As game business coaches, the one question most indie developers and start-ups always ask us: “Where and how did your start-up recruit a team for their game development?”
We‘ve spoken of the cost, regarding currency and mental health, when you open a studio, so let’s talk: staff. When you can’t pay people up front, you need to convince them you’re a good bet.
The first mistake is focusing on the game idea rather than the company’s vision. People will be drawn to an overall vision for the business, not simply on a game concept.
This vision is a strategic plan that you believe in, your Unique Selling Proposition (USP) that will have talent flocking to once they understand you and your company. You won’t have anyone on board for an indie project with no salary if they don’t believe as strongly as you in the vision. Demonstrate your vision for the long-haul so potential staff can buy into it.
Making an offer
As a game studio, you formed your company with the intent to create a very different development culture. That alone is by far your strongest selling point. So here are some tips that you can offer when you recruit your team:
Cap time: Ideally, your team should work a max of 40 hours a week. As the leader, you can’t always follow that rule, but that’s only to ensure others don’t break the cap themselves.
Allow creative input: Allow developers to add to the creative flow rather than letting them think they are a cog in the machine.
Team building: Nominate a day for “GameChill” where everyone plays the game together every Friday, for example, and listen to their comments on how the team can improve it.
Taking sides: Recruiting means allowing developers to have their own side projects as well. You should encourage your team to have side projects as it helps them learn new skills and bring back this experience to the studio. You only need to own the creativity they put into your game.
Success breeds success: When your studio starts making money, meaning you’ve secured some funds and can pay salaries, you should keep a share of the revenue to split among the team for as long as the developer stays in your studio.
Make the games you and your team want: We’ve heard so many developers say that in the years of making games professionally, they have never worked on a game they actually liked. You can’t understand the audience unless you’re part of it. You need a unique selling proposition, and that’s your company’s vision and the games you intend to make.
Advantages of joining a start-up
From our experiences, most are in at the start but don’t have the funds to offer a salary. However, it doesn’t mean that being part of a start-up is a bad move for a game creator’s career. If the intention is to grow then being part of start-up at the outset is a sure way to climb up the ladder quickly. Also, while it’s a huge risk financially, it has a much higher potential return.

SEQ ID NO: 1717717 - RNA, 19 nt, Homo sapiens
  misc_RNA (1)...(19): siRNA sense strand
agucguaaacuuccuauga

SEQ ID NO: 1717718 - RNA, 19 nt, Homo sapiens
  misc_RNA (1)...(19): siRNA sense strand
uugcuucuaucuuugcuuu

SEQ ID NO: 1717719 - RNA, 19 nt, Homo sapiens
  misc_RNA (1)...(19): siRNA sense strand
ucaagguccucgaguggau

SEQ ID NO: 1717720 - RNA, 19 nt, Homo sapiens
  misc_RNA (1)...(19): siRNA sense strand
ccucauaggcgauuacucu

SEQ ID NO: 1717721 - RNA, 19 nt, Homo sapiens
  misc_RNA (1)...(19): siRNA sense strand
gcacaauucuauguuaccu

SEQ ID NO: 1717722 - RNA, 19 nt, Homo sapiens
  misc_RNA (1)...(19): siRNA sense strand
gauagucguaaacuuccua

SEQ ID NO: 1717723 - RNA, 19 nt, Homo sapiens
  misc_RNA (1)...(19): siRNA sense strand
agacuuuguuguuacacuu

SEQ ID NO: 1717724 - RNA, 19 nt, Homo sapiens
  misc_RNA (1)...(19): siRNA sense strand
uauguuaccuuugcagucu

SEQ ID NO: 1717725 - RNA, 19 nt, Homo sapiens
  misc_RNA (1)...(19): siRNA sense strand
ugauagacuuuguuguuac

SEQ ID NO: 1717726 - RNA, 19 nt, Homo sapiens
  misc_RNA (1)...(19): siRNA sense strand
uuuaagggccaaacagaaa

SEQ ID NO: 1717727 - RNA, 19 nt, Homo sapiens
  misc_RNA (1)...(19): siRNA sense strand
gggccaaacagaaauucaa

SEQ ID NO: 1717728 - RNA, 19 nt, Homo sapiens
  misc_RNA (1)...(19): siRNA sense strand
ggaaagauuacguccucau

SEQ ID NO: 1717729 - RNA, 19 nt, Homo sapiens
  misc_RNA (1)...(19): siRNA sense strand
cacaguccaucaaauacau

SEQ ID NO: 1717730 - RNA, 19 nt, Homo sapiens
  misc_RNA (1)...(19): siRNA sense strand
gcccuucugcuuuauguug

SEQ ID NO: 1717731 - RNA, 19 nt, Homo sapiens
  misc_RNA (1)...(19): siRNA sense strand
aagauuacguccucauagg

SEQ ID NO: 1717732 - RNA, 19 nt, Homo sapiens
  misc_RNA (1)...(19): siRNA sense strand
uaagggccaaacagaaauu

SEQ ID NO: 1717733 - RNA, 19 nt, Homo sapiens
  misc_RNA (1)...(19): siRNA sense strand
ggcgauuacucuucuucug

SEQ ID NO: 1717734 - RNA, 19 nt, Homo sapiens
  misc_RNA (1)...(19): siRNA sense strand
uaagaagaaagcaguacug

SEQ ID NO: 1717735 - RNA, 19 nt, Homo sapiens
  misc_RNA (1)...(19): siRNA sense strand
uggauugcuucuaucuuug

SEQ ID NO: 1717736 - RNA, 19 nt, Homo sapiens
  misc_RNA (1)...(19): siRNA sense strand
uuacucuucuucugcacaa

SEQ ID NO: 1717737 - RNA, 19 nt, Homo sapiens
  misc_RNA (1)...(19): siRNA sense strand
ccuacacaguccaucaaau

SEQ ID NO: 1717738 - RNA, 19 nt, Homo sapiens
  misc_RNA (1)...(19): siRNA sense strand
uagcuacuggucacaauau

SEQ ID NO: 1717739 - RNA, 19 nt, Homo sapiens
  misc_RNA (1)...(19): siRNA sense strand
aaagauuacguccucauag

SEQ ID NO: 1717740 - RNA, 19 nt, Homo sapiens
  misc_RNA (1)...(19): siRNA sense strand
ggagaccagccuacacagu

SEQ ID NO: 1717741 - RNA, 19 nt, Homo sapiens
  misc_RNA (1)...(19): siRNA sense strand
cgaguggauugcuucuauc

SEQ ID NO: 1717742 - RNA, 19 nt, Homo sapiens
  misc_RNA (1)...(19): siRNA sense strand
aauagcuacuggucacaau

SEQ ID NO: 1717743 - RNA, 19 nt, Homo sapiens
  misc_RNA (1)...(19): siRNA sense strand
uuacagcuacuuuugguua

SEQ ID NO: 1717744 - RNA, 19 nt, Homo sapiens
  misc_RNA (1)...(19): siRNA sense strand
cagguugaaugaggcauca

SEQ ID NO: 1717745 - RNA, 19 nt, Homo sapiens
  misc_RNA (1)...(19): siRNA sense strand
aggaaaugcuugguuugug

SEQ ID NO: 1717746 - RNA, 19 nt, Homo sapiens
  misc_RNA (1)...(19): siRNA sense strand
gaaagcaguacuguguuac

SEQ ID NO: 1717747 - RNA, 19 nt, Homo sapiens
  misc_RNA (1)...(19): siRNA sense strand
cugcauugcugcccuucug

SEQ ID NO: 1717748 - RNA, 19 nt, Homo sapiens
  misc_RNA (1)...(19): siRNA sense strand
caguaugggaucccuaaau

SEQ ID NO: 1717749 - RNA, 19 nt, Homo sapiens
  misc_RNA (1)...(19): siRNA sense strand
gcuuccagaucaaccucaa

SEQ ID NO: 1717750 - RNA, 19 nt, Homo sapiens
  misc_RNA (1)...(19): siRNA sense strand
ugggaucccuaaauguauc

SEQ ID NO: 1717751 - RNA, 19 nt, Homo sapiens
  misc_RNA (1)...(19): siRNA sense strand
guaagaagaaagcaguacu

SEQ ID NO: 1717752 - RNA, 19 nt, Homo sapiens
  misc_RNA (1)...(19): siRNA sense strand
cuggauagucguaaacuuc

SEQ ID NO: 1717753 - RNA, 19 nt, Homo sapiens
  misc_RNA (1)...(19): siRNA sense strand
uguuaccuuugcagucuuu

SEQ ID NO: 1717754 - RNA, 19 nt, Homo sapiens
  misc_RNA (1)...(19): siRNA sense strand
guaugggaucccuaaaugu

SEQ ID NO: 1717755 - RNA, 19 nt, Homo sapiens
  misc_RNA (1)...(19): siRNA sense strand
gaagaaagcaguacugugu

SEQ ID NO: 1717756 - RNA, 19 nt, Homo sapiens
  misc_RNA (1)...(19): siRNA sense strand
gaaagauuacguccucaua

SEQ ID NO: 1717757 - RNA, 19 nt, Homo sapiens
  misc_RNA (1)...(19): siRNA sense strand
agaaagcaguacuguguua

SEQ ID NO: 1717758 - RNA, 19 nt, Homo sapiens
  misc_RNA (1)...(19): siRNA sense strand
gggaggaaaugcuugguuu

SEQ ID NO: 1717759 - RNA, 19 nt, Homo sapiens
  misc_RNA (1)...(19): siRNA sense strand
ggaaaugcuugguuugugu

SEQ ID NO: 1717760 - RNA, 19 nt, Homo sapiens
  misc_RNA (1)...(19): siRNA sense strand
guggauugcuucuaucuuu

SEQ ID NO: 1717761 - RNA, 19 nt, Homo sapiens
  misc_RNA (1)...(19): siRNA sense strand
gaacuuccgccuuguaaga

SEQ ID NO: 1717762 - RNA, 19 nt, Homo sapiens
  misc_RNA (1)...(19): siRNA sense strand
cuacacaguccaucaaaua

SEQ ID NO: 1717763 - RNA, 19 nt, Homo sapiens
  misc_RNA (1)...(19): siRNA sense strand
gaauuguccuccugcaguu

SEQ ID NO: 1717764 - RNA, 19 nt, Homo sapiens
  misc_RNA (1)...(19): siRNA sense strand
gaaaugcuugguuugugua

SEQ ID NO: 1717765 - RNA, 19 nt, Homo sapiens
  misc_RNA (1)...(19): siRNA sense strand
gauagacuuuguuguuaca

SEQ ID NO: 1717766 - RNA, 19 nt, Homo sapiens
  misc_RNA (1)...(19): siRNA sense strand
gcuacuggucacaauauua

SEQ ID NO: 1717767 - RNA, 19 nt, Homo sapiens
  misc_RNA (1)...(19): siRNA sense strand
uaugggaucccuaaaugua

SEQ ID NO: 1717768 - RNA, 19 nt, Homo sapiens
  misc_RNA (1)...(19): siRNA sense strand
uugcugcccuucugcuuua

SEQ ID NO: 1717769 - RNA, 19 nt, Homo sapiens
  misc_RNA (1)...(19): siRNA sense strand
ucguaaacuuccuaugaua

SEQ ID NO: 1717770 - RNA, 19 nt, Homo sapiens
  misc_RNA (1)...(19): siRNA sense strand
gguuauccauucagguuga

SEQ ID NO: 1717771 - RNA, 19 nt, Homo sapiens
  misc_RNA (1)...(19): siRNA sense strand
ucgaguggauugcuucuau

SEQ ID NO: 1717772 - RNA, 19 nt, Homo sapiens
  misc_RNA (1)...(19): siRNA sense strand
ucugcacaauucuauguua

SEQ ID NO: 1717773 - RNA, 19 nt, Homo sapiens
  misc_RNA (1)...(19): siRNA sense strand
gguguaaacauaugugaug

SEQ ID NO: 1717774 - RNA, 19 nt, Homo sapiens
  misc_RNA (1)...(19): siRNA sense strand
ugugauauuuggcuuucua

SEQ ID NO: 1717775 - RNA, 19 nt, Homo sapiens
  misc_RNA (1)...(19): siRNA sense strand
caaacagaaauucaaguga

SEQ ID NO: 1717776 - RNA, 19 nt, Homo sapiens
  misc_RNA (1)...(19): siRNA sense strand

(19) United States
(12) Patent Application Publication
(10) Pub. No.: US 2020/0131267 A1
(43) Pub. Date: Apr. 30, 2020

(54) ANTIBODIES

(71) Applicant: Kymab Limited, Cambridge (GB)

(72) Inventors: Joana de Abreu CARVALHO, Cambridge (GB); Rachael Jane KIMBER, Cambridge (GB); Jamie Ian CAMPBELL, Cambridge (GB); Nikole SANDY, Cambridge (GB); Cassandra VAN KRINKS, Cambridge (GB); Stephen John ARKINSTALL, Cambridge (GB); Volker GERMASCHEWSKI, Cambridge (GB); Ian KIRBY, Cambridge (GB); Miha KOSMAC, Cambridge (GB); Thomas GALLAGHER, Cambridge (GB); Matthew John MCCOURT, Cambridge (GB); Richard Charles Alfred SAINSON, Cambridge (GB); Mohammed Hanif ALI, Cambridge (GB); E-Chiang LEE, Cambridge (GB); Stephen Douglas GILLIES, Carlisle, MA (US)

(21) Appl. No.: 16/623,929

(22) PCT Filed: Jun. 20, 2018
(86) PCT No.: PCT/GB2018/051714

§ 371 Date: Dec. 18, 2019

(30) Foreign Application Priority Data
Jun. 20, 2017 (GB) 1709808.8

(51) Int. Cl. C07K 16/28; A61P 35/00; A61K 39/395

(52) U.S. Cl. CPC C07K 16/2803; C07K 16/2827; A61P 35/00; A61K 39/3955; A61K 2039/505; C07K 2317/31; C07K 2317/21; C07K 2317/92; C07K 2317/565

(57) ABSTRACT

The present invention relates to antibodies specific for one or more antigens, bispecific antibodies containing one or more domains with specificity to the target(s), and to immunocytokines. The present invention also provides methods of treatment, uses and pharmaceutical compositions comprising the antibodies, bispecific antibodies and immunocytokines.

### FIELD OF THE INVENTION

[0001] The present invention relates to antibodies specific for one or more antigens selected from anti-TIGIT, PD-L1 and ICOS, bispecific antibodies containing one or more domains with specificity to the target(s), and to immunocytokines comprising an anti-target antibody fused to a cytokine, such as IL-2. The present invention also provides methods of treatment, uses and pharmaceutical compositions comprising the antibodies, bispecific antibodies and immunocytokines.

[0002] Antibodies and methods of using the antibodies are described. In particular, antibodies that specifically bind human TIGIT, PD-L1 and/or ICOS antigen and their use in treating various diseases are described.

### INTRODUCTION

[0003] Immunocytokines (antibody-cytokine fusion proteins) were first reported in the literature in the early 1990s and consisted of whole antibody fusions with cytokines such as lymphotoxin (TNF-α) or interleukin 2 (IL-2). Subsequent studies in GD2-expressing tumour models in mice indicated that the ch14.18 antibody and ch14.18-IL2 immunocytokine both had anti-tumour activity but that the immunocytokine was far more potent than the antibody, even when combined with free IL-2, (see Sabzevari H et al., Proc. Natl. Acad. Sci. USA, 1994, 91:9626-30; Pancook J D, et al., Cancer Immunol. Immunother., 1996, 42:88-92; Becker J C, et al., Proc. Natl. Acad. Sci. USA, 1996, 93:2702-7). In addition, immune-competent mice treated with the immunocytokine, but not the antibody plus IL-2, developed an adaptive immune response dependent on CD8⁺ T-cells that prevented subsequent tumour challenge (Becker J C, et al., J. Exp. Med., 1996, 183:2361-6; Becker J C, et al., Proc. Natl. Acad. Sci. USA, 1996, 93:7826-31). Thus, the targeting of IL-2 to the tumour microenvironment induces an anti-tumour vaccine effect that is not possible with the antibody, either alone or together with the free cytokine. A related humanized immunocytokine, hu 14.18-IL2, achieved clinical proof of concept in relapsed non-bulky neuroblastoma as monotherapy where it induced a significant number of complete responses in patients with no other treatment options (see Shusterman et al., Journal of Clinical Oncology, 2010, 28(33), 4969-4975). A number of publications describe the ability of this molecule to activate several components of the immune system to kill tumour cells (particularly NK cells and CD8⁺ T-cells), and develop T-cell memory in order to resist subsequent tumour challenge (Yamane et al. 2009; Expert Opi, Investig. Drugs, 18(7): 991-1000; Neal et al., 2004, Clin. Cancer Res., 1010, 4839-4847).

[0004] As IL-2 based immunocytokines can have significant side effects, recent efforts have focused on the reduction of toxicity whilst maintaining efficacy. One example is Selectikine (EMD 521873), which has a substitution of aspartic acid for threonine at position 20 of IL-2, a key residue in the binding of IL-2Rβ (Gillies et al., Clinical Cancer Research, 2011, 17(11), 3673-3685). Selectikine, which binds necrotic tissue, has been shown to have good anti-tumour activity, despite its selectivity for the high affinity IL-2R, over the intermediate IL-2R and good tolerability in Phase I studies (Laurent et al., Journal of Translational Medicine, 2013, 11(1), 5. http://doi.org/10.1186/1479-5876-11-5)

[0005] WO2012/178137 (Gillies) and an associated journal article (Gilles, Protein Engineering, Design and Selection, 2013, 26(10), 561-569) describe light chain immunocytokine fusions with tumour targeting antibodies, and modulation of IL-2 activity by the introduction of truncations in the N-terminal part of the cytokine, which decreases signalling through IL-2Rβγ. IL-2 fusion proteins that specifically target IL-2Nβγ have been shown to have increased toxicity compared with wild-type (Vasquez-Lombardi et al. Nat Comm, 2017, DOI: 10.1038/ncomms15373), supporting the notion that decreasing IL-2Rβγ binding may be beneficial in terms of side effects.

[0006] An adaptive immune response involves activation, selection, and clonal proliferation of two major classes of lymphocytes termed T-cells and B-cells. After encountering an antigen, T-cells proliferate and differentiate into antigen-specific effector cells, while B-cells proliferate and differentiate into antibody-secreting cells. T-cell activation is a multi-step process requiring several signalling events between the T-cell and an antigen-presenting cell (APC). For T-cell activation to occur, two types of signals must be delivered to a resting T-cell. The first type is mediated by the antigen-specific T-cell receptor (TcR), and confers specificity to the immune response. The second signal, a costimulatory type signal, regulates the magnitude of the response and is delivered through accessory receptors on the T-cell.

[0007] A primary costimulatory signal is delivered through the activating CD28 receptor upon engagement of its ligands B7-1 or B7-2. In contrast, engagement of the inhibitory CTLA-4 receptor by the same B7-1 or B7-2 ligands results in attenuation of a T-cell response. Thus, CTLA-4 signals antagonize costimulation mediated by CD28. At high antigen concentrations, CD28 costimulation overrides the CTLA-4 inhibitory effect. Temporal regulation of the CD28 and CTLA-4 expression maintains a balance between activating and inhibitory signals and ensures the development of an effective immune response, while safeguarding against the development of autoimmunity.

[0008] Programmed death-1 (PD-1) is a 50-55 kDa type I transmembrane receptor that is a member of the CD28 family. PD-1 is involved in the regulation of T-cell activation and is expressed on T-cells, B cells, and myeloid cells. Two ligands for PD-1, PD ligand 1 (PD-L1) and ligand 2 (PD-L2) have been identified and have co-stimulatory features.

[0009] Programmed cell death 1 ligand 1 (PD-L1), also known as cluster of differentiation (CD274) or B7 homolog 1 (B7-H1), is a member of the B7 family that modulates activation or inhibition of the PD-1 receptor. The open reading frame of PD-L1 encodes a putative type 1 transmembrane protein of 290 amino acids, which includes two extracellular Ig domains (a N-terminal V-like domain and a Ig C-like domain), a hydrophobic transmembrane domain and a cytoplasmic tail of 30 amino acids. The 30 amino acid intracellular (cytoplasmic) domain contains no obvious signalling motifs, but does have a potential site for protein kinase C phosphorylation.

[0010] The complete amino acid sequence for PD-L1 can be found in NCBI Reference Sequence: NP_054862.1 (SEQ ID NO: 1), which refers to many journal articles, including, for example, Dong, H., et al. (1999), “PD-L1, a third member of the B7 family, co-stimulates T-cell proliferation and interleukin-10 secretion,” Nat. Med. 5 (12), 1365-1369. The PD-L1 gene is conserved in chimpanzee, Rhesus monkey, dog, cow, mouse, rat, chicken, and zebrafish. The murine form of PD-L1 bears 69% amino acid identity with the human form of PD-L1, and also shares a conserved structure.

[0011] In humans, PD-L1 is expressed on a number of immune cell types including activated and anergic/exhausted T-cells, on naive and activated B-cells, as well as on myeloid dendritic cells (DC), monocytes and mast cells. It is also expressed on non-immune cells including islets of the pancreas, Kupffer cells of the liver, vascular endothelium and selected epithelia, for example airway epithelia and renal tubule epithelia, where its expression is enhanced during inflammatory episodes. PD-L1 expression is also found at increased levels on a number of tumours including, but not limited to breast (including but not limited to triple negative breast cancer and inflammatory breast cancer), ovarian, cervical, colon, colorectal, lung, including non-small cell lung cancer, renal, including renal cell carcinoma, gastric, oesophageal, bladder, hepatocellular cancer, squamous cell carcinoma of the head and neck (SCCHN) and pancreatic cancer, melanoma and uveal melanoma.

Factor in that you believe in a successful product and working for a small team means you don’t need thousands of sales to be highly profitable. In fact, it’s possible that it will end up much more profitable than getting paid a regular developer salary.
If you want passionate developers to join you, then it’s important to have something to offer that is different from everyone else and it’s important to express these advantages. From fewer overheads to ownership in ideas and profits, you’re taking a risk in the hopes of a large, or at least sustainable, reward.
There is so much unused raw talent in Sydney, with schools teaching hundreds of students every year in the game development field. These students are often told studios are looking for experience when hiring, so many end up moving to another field.
The game development career is extremely competitive, and most get hired from people they know. So being a good developer is not enough: connection with the game industry network is key.
Attend portfolio nights, you can talk with students and teachers, telling them you are starting a business and looking for people to join them. Schools know most of their students won’t find a job in the field in which they studied, and it looks bad for them.
So when I tell them I have openings in a start-up they are not only receptive, they will collaborate to great length if you show professionalism.
Find the head teacher or the teacher of multiple programs to give you contact information of their best students that haven’t found a job.
Attending industry events is very important, like Beer, Pixel or GameSpark. For Game Schools you can offer to go in the classroom to talk about independent game development. Stay involved and help students build their portfolios to be ready for the industry.
I can assure you it will pay off. You will meet many students during these events, and you can build a list of people to contact. Then arrange interview sessions, choosing those who have the talent up to your expectations.
Be transparent in letting them know if you are unable to pay them and instead offer an agreement on a “revenue-share model.” It can take months to find the right candidate but I can assure you will get someone very talented that was clearly the match for your team. Be patient
One question you must ask yourself is whether you trust them. The simple truth is many people want to make video games than there are jobs in the industry.
If you know how to introduce yourself, have a coherent vision as to what you want to accomplish and understand what you have to offer is mutually beneficial, you will be able to find developers to work with you.
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To your success,
Vinh Van Lam & Stuart Horrex
Your Coaches ArtSHINE industries